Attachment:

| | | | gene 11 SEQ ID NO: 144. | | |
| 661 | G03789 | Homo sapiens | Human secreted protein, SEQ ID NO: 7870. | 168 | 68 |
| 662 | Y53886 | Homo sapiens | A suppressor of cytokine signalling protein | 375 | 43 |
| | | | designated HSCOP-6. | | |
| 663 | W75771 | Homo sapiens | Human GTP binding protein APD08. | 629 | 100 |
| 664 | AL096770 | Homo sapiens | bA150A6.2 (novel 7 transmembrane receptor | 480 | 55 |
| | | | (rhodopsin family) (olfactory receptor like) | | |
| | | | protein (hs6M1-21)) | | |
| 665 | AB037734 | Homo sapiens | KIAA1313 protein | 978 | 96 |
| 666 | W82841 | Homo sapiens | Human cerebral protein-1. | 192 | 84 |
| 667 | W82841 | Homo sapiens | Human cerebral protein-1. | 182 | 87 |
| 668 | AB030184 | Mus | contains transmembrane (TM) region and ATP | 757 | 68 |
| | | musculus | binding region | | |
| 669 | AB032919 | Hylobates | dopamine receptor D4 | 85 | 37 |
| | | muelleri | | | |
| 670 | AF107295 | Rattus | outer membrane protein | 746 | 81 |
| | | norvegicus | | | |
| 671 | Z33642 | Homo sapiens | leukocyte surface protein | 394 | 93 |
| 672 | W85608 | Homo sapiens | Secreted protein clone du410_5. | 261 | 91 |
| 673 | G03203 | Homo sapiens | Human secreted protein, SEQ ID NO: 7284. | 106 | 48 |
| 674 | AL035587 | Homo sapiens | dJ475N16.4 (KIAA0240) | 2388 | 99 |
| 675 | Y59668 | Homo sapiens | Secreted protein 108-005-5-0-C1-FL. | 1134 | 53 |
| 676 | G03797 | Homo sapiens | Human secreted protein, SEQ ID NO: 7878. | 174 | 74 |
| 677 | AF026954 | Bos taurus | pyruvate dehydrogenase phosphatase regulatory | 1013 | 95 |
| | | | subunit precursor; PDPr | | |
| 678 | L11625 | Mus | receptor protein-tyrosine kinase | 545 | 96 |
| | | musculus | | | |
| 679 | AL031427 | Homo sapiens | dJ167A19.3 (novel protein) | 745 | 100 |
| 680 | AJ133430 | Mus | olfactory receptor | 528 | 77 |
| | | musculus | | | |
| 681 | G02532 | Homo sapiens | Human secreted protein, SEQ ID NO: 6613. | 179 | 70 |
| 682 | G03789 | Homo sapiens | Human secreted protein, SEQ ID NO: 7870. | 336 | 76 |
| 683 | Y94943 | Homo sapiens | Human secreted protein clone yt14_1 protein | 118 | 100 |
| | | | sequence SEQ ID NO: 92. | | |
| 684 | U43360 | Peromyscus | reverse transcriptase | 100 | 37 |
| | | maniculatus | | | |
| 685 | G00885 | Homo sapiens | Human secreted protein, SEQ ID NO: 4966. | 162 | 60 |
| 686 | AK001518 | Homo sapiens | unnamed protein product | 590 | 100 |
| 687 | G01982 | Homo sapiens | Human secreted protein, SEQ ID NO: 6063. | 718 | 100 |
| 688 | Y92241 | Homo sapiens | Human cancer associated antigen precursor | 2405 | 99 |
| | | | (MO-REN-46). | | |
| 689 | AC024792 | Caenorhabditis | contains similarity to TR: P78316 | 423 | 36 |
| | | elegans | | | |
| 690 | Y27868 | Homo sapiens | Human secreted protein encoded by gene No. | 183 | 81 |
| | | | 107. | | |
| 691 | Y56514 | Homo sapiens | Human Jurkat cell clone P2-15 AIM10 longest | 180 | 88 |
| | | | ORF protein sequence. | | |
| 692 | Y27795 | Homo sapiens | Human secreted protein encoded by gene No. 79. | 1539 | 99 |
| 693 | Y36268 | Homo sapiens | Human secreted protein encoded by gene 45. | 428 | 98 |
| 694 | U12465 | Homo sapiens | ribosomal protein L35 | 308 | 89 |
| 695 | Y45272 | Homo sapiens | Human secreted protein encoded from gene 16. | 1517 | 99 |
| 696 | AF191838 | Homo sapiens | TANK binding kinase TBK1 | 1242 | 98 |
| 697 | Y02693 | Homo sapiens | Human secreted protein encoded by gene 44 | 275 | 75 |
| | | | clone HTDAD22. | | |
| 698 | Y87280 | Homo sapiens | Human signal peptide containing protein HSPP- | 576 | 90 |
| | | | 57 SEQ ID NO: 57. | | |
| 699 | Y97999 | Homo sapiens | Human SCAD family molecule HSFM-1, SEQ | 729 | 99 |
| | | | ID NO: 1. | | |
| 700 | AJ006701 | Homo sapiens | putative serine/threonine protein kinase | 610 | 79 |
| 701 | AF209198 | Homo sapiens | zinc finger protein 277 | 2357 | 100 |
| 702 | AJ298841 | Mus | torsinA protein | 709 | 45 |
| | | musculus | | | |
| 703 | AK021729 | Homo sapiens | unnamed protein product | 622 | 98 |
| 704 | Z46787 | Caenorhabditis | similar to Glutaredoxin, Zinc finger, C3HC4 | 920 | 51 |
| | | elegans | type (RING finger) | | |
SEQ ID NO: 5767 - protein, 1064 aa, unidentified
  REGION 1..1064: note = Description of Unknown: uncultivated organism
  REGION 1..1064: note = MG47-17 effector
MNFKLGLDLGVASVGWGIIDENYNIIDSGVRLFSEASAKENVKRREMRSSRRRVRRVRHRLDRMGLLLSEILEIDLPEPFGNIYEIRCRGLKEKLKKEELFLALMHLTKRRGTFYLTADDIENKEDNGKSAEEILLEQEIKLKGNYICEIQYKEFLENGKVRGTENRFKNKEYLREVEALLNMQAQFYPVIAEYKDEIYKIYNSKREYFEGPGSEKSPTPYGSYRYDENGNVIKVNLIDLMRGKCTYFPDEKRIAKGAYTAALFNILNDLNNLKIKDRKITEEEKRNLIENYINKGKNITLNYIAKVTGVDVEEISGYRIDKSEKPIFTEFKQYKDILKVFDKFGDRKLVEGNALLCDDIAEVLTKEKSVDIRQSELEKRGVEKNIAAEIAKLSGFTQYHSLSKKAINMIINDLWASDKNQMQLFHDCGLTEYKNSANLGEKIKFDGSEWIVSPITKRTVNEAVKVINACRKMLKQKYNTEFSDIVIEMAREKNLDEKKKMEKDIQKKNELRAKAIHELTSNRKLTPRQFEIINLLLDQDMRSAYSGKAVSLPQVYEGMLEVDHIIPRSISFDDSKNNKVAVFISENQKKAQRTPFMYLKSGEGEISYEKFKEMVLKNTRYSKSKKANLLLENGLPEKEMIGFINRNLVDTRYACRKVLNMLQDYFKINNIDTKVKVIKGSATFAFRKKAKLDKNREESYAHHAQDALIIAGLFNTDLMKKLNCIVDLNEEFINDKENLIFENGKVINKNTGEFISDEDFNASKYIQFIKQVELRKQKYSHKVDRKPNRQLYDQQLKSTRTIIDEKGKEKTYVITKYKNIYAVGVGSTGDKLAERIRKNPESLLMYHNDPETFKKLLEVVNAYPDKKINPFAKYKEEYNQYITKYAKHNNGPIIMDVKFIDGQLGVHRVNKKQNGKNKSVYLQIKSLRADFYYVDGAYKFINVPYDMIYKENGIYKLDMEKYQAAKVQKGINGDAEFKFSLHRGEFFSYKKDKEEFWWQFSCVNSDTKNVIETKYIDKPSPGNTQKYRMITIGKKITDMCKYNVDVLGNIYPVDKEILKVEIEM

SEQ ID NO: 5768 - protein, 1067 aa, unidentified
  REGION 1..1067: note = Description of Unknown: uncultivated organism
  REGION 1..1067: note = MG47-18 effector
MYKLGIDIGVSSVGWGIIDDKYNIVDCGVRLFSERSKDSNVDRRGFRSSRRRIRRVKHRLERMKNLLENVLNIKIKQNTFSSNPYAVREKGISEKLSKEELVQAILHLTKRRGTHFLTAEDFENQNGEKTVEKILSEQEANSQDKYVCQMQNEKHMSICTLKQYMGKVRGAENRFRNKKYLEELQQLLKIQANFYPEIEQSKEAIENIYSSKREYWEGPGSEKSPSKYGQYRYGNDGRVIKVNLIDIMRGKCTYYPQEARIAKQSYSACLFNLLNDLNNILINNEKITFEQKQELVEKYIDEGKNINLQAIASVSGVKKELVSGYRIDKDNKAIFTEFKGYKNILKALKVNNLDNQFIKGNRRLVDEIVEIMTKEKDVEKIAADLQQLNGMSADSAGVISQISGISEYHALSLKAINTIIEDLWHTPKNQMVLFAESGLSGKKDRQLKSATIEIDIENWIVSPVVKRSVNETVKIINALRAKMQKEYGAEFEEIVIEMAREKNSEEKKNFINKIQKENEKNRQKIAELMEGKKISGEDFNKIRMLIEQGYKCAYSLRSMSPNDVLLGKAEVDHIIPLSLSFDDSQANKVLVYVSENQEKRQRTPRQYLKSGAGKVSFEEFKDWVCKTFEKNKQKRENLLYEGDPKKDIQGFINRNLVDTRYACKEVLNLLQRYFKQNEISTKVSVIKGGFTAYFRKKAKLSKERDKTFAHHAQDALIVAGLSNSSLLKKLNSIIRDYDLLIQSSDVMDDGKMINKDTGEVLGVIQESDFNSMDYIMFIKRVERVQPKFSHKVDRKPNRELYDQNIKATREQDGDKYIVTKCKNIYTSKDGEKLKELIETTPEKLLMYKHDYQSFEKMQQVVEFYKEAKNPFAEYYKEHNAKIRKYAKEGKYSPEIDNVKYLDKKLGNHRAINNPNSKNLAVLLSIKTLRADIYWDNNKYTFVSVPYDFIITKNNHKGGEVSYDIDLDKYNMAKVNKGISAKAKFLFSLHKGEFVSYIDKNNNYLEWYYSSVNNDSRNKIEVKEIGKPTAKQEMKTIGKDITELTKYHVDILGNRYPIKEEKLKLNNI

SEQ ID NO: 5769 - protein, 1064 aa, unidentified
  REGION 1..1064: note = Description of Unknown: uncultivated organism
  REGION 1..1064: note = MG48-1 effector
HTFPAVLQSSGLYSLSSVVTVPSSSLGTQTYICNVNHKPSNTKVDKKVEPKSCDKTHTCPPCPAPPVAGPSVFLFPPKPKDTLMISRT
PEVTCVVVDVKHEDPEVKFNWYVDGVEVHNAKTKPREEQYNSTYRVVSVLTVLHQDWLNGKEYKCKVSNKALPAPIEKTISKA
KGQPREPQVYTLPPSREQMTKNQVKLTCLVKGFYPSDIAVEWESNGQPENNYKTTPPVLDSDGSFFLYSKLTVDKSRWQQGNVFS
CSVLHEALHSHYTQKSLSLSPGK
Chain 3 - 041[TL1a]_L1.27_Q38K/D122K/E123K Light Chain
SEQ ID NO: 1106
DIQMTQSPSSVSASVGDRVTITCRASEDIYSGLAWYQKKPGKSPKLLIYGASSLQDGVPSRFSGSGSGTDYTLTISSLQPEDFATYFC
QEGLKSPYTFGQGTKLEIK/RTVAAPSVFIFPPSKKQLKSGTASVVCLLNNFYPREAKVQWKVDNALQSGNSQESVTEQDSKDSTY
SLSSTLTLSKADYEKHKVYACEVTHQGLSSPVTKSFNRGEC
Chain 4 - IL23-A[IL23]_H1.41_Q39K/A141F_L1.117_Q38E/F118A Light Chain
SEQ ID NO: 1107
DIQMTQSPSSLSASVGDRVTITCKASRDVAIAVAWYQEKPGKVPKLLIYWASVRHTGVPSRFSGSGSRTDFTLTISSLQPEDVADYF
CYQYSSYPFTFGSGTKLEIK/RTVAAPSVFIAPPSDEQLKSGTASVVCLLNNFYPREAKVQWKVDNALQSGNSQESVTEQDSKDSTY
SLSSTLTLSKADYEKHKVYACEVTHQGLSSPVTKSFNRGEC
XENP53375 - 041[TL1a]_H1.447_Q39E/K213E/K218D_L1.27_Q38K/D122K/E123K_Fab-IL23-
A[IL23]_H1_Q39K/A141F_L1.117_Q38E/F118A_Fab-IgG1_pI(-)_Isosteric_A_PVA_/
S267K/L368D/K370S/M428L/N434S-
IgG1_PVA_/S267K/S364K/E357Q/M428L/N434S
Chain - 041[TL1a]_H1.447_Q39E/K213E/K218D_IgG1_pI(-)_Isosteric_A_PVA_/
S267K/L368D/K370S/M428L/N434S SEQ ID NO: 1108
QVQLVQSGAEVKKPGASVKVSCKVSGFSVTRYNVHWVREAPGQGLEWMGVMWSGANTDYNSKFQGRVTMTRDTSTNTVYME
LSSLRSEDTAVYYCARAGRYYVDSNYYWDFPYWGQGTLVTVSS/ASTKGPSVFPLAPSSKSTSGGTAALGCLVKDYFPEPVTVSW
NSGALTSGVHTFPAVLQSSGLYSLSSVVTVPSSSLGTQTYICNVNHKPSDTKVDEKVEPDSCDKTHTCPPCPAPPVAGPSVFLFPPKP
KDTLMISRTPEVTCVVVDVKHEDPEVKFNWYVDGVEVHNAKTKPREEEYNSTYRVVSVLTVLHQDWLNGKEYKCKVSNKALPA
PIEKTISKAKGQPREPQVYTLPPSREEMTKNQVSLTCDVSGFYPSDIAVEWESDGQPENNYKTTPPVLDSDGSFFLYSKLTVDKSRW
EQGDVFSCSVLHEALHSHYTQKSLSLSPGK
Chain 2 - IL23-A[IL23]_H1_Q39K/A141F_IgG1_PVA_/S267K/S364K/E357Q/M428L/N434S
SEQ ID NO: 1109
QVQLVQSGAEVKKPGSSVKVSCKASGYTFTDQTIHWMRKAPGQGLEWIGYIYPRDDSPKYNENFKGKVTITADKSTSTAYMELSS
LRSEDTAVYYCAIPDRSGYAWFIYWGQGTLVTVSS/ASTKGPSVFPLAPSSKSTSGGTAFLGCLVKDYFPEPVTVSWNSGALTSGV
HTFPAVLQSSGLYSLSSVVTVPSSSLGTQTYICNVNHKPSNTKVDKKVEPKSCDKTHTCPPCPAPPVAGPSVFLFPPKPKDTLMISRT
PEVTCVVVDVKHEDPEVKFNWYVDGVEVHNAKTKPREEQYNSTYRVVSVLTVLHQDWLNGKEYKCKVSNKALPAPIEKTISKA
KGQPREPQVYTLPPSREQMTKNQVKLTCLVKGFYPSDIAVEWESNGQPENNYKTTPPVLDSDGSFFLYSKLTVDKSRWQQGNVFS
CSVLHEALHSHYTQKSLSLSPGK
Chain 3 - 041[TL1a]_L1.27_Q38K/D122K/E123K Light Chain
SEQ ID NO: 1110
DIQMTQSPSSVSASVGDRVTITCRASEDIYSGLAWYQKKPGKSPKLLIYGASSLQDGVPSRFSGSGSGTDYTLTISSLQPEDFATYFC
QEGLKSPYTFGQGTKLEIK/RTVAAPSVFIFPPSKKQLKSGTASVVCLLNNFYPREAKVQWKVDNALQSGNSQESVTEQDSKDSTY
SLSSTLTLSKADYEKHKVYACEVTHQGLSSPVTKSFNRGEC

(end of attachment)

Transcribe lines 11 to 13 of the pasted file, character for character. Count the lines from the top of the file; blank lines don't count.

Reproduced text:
| 667 | W82841 | Homo sapiens | Human cerebral protein-1. | 182 | 87 |
| 668 | AB030184 | Mus | contains transmembrane (TM) region and ATP | 757 | 68 |
| | | musculus | binding region | | |